Adam Gregor/ShutterstockThe Zika virus was terrifying enough when it was known simply as a mosquito-borne illness. Turns out it’s also sexually-transmittable, and if contracted by a pregnant woman, the virus can cause the devastating birth-defect, microcephaly. Here’s what you need to know about the Zika virus. Other serious illnesses like dengue fever, yellow fever, and hepatitis C present serious threats to the entire world, which is why researchers have been anxiously searching for ways to protect us against infection.
Now British researchers may have made an earth-shattering breakthrough: In a study from the University of Southampton, researchers report they have discovered a single receptor cell in the human body that can recognize all of these viruses. This discovery is a major step towards discovering a vaccine that can use the body’s own natural killer cells (NK cells) to shut these viruses down before they even get a chance to happen. The findings were recently published in the journal, Science Immunology. Lead researcher Salim Khakoo, MD, a professor of hepatology at the University, explained to EurekAlert that the findings are very exciting but are still at an early stage and will require further studies and clinical trials in order to move forward definitively.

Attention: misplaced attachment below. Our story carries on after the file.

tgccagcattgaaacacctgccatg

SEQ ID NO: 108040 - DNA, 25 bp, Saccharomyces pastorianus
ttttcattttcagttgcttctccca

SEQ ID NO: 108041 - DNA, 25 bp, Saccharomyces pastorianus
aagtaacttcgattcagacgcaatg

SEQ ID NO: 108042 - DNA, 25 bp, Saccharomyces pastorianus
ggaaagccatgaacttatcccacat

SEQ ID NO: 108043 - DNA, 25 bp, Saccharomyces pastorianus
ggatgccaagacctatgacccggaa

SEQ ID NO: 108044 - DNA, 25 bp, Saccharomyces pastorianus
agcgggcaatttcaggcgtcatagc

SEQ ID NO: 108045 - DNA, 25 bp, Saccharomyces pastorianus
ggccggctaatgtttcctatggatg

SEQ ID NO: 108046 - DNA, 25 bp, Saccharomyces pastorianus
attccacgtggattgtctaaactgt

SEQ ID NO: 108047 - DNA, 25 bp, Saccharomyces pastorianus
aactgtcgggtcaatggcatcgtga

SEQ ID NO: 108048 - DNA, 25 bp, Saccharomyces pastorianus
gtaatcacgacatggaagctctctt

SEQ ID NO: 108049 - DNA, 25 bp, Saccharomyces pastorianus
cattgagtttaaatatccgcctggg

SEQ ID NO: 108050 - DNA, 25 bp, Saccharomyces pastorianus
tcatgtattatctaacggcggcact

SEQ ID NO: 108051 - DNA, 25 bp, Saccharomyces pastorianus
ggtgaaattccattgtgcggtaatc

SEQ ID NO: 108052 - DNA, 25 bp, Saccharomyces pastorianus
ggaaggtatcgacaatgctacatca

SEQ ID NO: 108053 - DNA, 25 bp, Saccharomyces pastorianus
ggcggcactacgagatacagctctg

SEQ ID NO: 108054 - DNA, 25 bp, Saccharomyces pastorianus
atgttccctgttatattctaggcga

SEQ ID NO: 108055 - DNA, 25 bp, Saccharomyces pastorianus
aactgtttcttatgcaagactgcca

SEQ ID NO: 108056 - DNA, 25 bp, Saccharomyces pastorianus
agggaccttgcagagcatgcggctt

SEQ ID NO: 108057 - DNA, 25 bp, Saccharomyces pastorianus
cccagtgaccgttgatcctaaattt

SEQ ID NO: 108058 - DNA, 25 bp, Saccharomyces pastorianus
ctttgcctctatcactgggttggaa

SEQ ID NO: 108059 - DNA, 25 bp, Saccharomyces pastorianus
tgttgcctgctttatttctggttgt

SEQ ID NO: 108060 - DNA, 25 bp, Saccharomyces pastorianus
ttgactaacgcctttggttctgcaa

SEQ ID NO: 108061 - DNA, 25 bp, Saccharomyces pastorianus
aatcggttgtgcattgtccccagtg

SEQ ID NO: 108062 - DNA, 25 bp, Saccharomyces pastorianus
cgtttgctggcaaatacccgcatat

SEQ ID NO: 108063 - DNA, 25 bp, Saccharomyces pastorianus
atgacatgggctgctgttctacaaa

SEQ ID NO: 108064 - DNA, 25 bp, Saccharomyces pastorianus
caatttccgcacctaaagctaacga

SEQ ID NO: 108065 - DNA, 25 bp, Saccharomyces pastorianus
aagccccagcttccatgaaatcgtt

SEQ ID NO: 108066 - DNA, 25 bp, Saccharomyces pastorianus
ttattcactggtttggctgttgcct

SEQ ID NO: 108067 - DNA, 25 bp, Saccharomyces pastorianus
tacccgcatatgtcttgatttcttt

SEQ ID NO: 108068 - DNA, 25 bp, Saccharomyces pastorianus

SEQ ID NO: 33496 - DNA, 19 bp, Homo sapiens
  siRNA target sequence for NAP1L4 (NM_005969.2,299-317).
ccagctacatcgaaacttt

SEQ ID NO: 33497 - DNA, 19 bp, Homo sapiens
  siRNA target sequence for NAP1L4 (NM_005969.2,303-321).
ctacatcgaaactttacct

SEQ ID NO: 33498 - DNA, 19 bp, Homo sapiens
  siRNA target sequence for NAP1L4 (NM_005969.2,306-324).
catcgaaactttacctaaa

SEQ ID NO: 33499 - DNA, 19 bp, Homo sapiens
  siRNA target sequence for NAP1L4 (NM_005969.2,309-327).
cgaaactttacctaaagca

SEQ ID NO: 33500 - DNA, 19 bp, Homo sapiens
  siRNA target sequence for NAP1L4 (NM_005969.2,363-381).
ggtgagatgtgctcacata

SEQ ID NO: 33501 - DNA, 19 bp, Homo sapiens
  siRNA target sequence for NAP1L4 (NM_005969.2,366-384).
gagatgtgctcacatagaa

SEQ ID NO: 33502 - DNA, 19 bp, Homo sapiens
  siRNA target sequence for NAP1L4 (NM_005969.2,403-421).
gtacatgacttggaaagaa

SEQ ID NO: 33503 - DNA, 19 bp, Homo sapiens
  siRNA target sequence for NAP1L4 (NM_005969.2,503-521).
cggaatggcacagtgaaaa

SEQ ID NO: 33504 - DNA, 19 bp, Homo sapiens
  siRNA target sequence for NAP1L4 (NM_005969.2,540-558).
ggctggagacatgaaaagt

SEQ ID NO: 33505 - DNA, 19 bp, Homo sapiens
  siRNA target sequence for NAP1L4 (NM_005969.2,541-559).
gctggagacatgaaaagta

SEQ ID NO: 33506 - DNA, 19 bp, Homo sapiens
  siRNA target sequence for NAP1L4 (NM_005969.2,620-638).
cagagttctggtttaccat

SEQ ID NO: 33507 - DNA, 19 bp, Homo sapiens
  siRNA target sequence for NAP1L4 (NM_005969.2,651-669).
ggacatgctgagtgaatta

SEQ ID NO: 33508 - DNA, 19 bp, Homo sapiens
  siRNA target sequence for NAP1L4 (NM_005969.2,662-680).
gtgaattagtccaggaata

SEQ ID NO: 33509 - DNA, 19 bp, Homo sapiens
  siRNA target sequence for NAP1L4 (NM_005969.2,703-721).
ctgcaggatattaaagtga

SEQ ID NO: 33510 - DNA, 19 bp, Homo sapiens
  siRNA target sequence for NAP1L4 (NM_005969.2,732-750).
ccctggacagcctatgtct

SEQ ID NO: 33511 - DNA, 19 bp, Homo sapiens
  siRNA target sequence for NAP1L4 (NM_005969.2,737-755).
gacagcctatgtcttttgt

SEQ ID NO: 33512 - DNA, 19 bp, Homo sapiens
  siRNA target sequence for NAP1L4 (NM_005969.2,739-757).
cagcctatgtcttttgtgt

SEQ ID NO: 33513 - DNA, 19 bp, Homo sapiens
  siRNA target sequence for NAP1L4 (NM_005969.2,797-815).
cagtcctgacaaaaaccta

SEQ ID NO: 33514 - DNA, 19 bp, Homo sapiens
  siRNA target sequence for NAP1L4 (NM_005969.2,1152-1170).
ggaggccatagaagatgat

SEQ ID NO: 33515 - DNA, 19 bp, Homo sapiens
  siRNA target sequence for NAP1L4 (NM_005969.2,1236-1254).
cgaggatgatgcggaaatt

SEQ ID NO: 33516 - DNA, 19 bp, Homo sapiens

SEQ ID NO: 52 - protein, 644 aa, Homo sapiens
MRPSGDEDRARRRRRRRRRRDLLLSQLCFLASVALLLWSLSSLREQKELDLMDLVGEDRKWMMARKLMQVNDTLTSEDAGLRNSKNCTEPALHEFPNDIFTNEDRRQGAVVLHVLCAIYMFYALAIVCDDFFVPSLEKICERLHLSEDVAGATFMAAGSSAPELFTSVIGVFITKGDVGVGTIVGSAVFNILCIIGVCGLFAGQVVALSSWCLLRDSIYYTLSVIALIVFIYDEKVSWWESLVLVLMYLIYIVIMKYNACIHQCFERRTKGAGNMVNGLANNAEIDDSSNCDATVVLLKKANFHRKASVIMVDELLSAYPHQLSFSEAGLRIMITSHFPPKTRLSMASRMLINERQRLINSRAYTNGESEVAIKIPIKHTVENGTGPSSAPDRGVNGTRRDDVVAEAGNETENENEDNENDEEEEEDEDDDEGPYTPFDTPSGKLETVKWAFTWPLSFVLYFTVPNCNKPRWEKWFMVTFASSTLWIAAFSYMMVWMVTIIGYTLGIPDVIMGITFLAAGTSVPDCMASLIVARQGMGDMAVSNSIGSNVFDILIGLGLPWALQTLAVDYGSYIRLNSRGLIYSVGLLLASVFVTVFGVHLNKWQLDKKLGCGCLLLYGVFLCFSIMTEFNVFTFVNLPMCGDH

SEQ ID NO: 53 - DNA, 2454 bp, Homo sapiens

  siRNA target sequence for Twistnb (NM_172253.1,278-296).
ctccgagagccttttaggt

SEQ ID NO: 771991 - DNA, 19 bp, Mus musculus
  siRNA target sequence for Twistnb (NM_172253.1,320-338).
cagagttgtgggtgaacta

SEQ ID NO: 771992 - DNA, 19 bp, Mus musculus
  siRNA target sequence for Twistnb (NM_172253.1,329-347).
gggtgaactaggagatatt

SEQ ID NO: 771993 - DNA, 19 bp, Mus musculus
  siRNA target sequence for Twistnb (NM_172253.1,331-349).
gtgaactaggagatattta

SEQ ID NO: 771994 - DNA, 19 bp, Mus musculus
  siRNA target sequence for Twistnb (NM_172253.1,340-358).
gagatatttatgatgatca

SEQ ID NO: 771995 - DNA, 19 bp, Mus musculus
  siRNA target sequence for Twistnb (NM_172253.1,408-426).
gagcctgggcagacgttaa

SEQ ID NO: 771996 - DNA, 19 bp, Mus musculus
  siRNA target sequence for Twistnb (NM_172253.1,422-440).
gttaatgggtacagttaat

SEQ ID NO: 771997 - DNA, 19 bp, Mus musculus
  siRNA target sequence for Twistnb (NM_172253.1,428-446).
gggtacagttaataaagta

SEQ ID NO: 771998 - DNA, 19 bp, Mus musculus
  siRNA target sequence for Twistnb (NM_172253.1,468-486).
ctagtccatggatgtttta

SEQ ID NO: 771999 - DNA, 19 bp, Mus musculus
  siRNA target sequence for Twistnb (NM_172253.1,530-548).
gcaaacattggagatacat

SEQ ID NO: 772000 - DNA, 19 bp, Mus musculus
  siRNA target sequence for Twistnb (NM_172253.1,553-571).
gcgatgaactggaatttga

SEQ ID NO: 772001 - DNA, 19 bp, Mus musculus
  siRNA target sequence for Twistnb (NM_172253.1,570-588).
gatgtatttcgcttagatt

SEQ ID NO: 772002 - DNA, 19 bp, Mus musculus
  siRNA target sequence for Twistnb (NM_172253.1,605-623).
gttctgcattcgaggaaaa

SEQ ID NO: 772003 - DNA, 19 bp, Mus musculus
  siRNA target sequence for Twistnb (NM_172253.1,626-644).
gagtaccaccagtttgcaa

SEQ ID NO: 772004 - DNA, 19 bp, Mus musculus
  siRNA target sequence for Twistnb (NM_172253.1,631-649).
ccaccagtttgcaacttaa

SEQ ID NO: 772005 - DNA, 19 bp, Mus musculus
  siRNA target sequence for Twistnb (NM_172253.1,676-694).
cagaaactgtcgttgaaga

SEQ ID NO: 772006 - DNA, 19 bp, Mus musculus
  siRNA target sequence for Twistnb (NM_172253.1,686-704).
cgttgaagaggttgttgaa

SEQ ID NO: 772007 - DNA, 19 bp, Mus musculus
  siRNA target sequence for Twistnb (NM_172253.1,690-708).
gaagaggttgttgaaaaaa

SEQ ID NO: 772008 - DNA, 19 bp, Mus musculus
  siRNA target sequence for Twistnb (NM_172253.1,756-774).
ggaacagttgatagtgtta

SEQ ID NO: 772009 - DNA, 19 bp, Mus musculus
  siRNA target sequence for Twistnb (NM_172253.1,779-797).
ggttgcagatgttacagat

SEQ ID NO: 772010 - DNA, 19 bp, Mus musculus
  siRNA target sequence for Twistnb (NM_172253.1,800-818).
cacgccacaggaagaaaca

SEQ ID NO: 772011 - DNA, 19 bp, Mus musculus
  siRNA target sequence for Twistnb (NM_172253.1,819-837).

To test the receptor cell, known as KIR2DS2, the researchers first demonstrated it could be used to help clear patients of the hepatitis C virus. The researchers then were able to demonstrate that the same mechanism should apply to all the viruses related to hepatitis C—called flaviviruses. The group includes Zika, dengue fever, and yellow fever, and Japanese encephilitis.
This group of viruses have been particularly tough to target with a vaccine because they can so readily adapt to and resist the body’s defense mechanisms. The newly discovered receptor cell, KIR2DS2, targets a portion of the viruses that doesn’t change form, opening the door to a potential vaccine that could protect against the entire family of viruses. Even more exciting: The researchers believe a similar process may be involved in cancer cells, and KIR2DS2 may offer the means for stopping and treating tumors.
“Cancer treatments that use the body’s own immune system are becoming more common,” Dr. Khakoo pointed out. “Our findings present a completely new strategy for virus therapeutics which could be easily translated into the field of cancer. The next few years are going to be very exciting in this field.”
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